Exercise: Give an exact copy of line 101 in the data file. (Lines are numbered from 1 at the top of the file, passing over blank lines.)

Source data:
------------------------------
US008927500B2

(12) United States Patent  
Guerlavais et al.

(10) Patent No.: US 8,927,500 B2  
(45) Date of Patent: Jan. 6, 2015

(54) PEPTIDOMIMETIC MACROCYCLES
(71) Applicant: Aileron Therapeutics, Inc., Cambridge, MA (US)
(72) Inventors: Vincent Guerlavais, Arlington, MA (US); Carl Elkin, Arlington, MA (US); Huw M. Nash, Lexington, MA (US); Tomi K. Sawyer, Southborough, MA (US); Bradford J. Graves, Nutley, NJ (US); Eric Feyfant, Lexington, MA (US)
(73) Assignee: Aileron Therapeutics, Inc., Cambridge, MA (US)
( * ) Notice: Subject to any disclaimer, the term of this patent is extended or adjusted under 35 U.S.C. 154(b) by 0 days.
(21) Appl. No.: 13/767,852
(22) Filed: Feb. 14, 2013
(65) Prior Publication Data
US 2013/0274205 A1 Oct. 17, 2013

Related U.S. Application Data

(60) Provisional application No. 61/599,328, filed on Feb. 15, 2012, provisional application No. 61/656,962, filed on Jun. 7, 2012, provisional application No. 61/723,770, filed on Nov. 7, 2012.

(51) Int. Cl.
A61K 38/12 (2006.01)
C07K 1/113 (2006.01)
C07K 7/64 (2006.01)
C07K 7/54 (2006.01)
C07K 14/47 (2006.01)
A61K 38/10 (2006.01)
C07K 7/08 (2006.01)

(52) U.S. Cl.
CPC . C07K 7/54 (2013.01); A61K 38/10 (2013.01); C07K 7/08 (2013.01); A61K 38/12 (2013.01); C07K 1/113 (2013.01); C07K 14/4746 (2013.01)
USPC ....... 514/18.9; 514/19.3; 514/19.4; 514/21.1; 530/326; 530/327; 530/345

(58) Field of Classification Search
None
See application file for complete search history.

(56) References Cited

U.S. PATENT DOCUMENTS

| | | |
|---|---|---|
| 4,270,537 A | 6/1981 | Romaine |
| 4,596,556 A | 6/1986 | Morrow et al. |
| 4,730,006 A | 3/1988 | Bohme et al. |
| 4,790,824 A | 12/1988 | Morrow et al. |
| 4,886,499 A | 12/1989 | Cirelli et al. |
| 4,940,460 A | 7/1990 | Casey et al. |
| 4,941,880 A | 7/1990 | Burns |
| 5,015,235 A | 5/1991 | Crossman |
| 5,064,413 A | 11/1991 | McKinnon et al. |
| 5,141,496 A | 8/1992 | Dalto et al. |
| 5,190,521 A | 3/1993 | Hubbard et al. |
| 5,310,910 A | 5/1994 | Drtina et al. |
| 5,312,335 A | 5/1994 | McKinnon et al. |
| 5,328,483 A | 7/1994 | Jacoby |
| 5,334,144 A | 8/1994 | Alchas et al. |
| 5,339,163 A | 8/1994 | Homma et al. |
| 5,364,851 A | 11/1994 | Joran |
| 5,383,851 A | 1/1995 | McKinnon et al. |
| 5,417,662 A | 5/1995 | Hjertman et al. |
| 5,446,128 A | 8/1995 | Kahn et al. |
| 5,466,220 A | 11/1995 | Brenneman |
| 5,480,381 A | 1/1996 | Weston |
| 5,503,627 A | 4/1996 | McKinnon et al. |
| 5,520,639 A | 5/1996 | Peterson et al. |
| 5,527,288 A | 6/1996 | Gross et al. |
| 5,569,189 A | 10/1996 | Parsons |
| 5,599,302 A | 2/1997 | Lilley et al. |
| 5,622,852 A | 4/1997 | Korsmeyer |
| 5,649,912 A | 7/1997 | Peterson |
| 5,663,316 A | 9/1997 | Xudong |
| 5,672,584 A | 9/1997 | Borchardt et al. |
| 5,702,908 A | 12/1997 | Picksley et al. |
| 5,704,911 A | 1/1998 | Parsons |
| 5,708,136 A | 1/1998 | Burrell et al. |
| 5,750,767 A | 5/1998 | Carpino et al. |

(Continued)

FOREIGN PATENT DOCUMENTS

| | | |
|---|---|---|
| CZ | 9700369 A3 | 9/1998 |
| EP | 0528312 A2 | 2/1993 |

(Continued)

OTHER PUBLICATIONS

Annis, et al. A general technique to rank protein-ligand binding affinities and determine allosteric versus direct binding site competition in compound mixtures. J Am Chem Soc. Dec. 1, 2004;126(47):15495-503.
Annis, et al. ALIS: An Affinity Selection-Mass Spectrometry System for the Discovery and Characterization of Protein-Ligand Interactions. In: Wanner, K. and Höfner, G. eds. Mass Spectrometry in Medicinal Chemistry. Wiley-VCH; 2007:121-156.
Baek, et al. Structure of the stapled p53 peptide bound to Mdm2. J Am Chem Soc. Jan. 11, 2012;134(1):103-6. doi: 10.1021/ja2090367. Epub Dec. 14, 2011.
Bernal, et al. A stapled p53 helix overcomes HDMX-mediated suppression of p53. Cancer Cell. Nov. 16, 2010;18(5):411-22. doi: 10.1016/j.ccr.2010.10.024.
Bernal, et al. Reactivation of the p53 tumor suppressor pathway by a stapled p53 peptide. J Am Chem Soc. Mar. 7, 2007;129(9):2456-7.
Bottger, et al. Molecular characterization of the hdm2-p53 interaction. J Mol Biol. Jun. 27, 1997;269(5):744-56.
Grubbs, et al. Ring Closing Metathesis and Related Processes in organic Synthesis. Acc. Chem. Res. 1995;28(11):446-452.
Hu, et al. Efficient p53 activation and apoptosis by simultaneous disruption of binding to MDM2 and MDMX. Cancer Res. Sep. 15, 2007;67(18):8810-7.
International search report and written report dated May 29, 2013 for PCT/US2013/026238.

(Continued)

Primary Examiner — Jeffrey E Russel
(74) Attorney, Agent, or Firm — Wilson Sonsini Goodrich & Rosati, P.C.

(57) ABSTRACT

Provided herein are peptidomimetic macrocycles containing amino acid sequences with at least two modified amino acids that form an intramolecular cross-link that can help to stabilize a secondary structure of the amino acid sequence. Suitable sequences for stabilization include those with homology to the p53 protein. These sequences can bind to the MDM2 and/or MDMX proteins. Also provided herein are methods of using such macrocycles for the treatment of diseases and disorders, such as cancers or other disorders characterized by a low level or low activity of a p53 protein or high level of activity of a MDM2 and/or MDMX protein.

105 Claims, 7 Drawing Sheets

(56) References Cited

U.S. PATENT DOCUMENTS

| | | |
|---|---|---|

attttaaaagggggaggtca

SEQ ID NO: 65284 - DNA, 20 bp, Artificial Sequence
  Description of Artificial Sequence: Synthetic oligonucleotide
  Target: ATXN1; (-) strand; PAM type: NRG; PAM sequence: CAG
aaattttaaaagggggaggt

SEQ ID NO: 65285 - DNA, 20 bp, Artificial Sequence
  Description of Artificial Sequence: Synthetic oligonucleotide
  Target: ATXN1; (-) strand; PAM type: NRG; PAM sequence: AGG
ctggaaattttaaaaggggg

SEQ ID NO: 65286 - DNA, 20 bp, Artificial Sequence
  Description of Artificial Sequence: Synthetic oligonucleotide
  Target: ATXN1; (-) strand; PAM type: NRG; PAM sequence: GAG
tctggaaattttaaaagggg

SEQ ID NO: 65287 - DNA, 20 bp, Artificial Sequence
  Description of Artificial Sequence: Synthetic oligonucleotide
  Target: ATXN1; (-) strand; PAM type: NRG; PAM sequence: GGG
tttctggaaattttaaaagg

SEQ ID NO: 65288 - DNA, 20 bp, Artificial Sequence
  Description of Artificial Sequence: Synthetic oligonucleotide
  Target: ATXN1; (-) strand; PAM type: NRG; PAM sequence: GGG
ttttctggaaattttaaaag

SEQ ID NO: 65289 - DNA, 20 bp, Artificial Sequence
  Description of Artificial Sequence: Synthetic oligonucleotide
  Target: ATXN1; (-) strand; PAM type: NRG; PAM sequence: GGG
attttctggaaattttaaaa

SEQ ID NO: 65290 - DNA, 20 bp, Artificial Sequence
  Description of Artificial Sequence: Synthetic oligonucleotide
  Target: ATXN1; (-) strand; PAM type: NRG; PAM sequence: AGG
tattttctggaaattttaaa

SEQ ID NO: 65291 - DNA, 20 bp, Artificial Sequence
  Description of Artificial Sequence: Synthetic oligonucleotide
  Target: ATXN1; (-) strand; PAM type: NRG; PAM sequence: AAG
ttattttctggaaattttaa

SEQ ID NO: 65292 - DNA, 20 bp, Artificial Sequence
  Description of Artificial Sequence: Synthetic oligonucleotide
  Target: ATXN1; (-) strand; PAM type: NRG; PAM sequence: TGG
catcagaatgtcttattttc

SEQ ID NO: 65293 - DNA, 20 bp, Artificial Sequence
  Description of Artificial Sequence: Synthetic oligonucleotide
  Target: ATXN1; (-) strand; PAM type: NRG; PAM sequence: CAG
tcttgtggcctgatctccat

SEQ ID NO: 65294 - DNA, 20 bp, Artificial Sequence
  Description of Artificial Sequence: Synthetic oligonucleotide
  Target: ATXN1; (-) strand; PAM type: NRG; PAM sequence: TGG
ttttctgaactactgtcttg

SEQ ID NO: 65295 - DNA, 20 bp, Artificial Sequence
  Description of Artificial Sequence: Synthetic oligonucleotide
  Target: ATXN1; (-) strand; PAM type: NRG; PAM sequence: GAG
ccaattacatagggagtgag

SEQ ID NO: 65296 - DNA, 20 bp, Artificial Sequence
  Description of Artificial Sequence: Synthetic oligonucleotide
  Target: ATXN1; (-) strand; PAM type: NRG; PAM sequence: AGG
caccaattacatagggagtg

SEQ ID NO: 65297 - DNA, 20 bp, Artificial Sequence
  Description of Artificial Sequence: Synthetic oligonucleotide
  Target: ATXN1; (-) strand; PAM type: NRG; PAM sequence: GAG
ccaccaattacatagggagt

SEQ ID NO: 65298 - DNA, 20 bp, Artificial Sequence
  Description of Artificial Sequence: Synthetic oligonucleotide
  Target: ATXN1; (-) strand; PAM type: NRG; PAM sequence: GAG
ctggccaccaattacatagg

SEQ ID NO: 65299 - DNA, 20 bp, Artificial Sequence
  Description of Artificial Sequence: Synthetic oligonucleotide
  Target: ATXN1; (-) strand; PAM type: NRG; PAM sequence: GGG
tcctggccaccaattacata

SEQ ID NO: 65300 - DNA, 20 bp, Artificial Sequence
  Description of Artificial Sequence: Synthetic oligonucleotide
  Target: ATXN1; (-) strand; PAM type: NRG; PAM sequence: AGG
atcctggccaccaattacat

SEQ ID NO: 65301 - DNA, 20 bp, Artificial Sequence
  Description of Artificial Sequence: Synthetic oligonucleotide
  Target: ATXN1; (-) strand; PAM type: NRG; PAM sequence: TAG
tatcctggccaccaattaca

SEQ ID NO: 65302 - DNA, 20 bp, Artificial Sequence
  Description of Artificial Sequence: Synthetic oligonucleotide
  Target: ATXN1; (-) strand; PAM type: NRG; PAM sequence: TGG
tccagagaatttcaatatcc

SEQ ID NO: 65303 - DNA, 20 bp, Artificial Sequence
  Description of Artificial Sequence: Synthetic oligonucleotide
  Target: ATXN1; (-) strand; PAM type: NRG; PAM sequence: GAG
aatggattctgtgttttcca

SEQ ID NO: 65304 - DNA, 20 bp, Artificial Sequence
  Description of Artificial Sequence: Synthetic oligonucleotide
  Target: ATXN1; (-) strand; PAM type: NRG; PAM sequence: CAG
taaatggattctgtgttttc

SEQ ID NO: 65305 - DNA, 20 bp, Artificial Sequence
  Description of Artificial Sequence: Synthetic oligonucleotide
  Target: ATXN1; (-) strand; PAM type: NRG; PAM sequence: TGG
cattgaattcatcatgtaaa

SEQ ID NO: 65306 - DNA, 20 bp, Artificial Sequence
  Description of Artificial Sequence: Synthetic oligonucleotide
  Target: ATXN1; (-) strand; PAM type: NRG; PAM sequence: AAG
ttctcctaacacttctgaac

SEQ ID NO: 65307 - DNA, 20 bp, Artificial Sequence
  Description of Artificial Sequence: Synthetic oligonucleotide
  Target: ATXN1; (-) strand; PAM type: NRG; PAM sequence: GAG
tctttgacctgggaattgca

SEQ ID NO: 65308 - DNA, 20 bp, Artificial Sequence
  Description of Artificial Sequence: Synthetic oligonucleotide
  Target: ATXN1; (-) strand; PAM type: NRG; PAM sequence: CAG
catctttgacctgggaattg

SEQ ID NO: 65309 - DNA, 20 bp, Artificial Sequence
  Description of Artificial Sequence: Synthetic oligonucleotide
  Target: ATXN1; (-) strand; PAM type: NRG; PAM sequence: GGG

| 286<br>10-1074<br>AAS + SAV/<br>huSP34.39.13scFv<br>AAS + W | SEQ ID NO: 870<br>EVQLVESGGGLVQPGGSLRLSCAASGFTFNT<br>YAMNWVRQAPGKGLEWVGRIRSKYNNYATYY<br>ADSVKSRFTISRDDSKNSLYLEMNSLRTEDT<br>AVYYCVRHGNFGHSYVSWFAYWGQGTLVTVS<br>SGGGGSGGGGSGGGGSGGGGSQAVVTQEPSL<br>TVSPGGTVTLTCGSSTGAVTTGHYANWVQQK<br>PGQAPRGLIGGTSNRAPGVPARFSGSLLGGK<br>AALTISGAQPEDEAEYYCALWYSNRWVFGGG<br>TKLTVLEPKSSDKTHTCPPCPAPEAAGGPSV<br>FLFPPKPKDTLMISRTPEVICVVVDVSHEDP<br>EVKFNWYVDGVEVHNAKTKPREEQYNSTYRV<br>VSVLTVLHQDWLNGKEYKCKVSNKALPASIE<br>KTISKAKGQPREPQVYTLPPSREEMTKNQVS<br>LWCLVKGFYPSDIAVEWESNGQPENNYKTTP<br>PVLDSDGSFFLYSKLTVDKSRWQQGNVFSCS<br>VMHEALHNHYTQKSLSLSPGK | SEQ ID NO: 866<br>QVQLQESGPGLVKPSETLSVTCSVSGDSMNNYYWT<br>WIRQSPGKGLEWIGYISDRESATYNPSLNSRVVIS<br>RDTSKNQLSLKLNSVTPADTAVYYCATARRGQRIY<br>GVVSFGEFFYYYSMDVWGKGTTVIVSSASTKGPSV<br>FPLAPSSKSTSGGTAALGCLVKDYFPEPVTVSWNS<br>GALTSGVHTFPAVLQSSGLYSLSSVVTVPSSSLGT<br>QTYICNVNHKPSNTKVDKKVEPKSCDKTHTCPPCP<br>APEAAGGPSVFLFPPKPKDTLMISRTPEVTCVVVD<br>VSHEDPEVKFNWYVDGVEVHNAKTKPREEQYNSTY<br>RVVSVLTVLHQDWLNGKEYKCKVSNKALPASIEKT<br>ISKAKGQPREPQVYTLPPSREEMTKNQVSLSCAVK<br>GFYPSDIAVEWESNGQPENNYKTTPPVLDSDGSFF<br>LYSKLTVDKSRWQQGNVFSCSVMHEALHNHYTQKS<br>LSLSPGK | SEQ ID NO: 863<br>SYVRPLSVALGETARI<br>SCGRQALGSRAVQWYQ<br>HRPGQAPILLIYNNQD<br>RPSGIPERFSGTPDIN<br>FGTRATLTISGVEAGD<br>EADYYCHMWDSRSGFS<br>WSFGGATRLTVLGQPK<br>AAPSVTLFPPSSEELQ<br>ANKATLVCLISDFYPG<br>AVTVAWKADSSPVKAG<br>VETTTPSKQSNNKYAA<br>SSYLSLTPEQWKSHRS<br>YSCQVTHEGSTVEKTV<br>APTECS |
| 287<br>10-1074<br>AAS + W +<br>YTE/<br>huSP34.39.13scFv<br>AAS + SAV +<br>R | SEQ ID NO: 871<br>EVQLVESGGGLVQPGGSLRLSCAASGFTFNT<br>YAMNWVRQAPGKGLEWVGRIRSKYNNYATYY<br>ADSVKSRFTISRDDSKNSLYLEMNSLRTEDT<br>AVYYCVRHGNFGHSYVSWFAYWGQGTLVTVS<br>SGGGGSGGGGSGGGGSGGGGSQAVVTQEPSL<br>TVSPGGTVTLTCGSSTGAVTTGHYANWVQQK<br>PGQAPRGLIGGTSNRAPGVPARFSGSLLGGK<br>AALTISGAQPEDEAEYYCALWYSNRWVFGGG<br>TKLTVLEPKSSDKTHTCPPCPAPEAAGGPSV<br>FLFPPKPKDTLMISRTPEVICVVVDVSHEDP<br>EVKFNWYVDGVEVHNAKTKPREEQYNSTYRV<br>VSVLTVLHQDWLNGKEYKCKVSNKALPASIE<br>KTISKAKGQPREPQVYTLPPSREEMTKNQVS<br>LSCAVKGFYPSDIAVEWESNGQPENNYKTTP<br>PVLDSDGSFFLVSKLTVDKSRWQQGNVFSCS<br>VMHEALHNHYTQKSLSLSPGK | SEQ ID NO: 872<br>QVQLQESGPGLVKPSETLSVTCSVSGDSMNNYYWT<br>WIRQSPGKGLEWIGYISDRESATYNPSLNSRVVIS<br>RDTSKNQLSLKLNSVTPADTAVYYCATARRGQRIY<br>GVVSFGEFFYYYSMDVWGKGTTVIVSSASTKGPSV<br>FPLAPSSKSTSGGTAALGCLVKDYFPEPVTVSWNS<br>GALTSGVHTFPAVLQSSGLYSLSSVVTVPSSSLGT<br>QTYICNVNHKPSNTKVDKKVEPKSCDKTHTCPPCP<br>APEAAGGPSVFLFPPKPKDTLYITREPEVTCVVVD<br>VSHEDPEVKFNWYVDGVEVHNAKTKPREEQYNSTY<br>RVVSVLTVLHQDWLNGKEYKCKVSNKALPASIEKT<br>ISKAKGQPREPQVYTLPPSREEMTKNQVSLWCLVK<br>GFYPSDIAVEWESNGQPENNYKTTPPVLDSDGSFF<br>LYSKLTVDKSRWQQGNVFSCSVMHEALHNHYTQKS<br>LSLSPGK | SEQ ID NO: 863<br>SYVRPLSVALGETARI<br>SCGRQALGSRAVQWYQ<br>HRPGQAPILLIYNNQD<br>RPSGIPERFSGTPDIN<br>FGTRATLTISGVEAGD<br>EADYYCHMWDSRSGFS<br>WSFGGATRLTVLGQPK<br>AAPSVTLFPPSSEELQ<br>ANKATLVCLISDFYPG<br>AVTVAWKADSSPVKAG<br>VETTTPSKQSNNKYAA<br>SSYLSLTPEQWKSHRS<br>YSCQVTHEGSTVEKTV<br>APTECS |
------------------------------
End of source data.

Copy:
aaattttaaaagggggaggt